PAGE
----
Surely, there’s a better way?
There is a scene in a movie that I absolutely love. It is from the slapstick movie ‘Airplane’ – released in 1980. Basically, in the scene, Leslie Nielsen, responds to a comment from fellow actor Richard Hays, who says to him, “Surely, you can’t be serious?”. Nielsen’s response is, “I am serious, and don’t call me Shirley’. (Video below)
This silly comment has stuck with me since first watching this movie all those years ago and hence leads to my article title, “Surely, there’s a better way!”
I have been working in IT, but more specifically, the Software Industry, for over 20 years. My focus has always been on building solutions for customers. I was always the service provider and was always proposing solutions to meet business requirements. Initially, being a coder, it was easy (conceptually) to provide any solution required, even though the actual development became complex. But, with time, technologies were being released into the market that simplified application development. Products like SharePoint gave a tremendous foundation for building solutions without writing code.
But as the market moved strategically onto these new platforms, gaps were becoming evident in what one could achieve and not achieve without customisation. We resorted to an 80/20 rule where solutions could be achieved offering 80% of the requirement but absolutely no code required. This was an incredible offering that extended the required skills to build applications.
However, some clients still wanted more than 80% functionality in their solutions. The immediate answer was to write customised solutions. The well–written ones were great…until the platform required an upgrade. For those of us that went through this era of SharePoint upgrades, we know exactly what a nightmare this posed. As a result, several vendors started introducing third-party toolsets that could be used to build solutions but avoided the ever–stressful upgrade. Boom – I was onboard with that.
I moved my career at this stage to focus on these toolsets. Having experimented with a few options, I settled on one or two preferences. Personally, I loved having the ability to deliver solutions without having to write code anymore. But these solutions did introduce their own challenges and/or obstacles. For example, you now had a different set of parameters that determined what you could build, albeit slightly more accommodating than no toolsets at all. And not to mention additional licensing costs associated with the new technology.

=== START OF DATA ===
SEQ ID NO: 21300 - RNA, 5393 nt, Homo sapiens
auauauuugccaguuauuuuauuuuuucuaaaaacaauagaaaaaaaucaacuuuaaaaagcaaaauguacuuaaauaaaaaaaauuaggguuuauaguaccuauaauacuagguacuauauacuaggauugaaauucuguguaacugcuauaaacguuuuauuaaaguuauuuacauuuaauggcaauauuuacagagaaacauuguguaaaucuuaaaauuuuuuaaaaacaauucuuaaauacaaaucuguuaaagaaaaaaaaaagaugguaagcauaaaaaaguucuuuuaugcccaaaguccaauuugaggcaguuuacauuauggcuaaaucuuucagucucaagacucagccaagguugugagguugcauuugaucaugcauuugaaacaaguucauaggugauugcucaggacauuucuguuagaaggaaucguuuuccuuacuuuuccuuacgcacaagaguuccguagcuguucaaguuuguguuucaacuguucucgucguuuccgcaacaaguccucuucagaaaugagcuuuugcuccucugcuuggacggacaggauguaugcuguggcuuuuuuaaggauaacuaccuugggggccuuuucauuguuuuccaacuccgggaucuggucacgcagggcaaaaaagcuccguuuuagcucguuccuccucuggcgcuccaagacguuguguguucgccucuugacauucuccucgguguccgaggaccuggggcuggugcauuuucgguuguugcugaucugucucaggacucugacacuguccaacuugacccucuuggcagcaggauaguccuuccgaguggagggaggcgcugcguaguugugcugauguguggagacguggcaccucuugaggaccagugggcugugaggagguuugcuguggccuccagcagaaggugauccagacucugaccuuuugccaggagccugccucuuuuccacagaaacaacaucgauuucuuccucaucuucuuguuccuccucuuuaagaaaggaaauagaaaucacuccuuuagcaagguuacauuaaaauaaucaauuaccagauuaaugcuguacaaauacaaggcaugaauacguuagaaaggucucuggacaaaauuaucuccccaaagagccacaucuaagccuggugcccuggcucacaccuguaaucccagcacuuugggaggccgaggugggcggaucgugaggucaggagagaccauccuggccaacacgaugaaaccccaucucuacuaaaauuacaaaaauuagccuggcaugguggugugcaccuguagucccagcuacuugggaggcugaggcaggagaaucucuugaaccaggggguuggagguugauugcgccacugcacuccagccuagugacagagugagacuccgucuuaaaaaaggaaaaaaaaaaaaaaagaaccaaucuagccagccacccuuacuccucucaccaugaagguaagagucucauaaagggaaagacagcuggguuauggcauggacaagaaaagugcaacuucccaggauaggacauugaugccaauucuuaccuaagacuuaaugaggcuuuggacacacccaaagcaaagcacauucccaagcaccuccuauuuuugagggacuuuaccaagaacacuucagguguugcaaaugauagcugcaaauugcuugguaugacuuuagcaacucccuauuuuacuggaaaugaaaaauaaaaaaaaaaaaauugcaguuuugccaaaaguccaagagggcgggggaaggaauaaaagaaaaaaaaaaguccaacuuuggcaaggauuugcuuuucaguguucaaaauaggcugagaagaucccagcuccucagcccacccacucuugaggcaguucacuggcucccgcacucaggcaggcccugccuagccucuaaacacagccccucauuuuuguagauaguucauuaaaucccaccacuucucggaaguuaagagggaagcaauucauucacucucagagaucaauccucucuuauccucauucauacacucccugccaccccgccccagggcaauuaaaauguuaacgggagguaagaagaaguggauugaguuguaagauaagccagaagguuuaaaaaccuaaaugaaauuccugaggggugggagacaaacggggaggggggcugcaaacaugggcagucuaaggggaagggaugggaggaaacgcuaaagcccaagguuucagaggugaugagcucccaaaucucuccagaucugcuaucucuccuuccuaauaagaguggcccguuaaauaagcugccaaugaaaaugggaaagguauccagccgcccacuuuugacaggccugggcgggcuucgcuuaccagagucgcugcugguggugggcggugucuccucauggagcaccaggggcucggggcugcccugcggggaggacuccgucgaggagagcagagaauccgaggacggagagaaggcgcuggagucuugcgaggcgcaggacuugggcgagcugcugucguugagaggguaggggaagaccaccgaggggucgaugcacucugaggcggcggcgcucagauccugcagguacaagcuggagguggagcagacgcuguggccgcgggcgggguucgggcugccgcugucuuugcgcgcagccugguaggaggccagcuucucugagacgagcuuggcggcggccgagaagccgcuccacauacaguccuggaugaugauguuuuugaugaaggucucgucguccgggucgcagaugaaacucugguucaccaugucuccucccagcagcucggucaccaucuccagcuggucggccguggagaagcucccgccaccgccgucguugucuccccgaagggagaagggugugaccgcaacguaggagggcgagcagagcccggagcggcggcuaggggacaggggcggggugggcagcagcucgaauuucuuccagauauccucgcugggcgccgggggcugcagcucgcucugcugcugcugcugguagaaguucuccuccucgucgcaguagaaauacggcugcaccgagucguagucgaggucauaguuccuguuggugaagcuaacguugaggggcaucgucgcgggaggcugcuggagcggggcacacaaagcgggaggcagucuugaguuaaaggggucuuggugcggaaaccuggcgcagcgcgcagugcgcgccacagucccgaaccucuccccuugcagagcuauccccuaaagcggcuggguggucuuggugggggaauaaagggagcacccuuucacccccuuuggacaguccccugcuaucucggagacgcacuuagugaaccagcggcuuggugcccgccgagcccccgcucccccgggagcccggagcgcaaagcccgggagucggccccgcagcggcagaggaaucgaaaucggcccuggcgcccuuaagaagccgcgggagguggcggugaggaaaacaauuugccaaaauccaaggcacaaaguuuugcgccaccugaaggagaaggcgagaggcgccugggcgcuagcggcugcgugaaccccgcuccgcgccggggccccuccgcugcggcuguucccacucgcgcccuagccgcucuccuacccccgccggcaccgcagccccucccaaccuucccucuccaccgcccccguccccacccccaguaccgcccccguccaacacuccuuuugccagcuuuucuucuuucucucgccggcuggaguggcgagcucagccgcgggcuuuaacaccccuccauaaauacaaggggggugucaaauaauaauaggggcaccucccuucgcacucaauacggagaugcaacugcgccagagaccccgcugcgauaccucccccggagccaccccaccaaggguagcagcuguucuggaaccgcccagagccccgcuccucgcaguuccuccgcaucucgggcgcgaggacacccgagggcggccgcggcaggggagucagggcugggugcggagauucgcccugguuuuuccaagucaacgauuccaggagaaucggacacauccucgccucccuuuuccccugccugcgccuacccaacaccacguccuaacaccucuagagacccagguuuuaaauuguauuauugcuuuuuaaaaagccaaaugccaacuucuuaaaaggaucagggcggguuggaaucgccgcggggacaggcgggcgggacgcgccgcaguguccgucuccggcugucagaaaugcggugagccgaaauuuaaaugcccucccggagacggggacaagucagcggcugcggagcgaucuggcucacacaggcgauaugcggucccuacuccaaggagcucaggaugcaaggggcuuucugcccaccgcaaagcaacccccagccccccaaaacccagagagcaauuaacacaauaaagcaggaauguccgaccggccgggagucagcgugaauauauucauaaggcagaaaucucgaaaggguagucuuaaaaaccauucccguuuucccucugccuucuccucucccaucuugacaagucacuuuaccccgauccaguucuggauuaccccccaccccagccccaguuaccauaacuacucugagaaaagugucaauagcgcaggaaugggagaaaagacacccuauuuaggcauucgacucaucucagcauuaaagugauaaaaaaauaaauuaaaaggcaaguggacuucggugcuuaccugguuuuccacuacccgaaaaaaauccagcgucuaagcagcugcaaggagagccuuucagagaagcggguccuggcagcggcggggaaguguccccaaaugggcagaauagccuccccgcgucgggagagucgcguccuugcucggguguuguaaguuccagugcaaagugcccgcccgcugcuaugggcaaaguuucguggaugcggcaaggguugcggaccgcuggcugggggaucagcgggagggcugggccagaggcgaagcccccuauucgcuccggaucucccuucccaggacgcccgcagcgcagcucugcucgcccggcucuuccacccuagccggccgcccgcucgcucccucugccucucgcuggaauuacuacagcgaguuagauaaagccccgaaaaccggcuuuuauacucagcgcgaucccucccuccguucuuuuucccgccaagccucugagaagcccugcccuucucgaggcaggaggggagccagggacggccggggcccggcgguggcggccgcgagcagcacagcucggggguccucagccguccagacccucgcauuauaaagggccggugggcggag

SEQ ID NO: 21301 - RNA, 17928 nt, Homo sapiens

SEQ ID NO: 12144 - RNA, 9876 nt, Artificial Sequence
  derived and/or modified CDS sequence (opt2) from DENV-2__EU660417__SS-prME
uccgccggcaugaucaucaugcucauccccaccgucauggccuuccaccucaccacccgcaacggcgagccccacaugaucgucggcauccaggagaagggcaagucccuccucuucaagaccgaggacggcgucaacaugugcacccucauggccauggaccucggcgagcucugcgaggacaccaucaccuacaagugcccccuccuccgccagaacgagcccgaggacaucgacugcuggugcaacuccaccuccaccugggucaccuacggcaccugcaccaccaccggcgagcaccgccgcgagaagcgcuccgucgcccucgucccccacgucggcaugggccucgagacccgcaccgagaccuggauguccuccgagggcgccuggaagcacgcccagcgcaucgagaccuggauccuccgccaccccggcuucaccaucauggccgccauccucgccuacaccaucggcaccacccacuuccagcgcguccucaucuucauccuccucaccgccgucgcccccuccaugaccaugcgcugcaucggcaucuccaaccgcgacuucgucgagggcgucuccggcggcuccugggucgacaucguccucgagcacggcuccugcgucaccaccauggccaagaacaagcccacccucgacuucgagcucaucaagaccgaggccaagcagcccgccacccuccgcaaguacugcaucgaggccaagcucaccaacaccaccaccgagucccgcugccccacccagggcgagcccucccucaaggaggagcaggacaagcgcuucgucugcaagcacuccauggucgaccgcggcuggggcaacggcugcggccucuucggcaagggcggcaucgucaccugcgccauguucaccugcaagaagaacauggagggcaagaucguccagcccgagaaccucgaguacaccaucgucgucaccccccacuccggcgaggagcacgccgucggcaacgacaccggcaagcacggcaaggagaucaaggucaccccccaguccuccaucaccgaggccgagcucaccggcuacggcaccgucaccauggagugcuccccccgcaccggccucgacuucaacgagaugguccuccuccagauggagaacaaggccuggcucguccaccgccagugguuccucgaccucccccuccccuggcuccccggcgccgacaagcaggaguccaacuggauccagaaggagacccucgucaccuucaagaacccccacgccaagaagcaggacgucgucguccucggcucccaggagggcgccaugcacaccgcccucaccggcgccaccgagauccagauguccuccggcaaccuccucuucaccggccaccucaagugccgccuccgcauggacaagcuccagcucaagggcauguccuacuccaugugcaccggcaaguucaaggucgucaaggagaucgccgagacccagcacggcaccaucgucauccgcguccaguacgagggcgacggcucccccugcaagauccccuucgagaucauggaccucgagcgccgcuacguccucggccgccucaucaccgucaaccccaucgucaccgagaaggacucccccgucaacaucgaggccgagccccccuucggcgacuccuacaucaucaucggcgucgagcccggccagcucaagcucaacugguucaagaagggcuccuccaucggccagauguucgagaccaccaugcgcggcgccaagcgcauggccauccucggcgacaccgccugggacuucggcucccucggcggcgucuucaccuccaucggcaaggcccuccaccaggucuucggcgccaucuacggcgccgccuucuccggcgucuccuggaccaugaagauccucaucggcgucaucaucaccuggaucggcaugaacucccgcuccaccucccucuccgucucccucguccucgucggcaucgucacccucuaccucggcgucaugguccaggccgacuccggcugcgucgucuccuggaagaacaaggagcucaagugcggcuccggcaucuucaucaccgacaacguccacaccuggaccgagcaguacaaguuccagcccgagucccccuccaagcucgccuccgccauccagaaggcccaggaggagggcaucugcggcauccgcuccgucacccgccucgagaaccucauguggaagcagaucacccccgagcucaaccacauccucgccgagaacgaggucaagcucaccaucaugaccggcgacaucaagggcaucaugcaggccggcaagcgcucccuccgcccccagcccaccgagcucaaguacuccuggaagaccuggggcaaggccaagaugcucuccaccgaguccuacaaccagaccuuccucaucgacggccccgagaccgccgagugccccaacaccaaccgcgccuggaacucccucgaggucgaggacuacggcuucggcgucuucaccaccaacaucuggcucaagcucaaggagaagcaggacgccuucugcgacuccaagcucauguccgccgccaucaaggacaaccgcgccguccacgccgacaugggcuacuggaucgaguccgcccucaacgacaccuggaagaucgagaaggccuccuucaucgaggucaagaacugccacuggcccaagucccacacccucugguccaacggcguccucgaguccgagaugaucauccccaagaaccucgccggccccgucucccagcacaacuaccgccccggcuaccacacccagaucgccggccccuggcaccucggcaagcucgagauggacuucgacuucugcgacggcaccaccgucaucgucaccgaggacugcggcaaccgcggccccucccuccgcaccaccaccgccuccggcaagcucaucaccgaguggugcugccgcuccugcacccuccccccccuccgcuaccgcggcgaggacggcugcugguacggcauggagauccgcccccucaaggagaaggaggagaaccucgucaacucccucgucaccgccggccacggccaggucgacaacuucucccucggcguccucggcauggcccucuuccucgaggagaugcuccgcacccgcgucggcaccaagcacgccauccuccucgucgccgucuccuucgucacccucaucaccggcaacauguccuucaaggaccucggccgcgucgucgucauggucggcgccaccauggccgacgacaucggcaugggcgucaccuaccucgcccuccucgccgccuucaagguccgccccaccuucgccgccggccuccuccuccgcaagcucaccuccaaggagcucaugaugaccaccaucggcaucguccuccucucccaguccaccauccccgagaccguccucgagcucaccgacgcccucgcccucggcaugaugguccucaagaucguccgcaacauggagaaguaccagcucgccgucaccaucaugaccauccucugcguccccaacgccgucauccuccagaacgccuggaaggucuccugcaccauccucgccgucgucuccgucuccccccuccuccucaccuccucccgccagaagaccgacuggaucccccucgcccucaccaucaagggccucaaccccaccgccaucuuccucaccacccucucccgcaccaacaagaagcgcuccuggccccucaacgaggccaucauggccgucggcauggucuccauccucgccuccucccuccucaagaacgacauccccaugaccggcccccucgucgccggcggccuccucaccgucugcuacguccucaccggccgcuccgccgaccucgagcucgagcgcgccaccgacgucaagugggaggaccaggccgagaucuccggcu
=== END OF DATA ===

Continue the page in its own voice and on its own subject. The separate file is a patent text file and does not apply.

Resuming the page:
Anyway, I still decided that I was fully on board with these toolsets. Until, after having spent time delivering more complex solutions, the frustration kicked in. These products were, in theory, reaching levels of maturity based on the number of years they had been in the market but to my despair, the limitations became more and more obvious, and simultaneously annoying.
I clearly remember working on an issue for a customer with one of my colleagues. As we figured out what the solution was, and tried to implement it (assuming it would be relatively easy), the dismay set in. “Surely” it was possible. Nope. The toolset could not cater for it. We Googled the challenge we were facing, read the vendor’s forums and blogs, and ultimately logged support calls. There was no solution. The workaround was one step away from stepping into a time machine and setting the dial to ’10 years ago’. The reality kicked in. We were stuck, and now fully dependent on another technology that was not going to do the job. Around the same time, the move to ‘the cloud…’ was becoming a more enticing solution. Our company bought into this ‘Cloud’ vision and we set sail, committing to this being our vision for all customers.
Now, fortunately, at this point we started investigating LogicApps. Our initial investigations were returning far more valuable results than we had expected. We continued this journey, which ultimately led to our move into Microsoft Flow (now Power Automate). We started building solutions for customers using Power Automate (nee Flow) immediately after its release into the market. The maturity of the product from Day 1 was eye-opening. And to top it all, it was included in your licensing, so no more third-party overhead. But even far more powerful was the ability to extend and configure solutions and provide more than 80% of the features…
There was now a way to connect multiple products with logical workflows that made sense to business practices. With Power Automate we were given the opportunity to see true WYSIWYG (what you see is what you get) drag and drop functionality that made sense to anyone who chose to have a go. This is not to say developers were excluded, as Power Automate also has this incredible ability to connect to hundreds of external apps as well as custom-developed APIs. For me, this meant endless possibilities for customers but where is the end? It seems like the more you delve into it, the more capability you find!
Our company did just that, and we dived right in and we are not disappointed. We wanted the better way – for us and our customers – and we got it!
“Surely, there’s a better way!” – with Power Automate, I can finally answer my own statement after all of these years, in that “yes, there surely is”.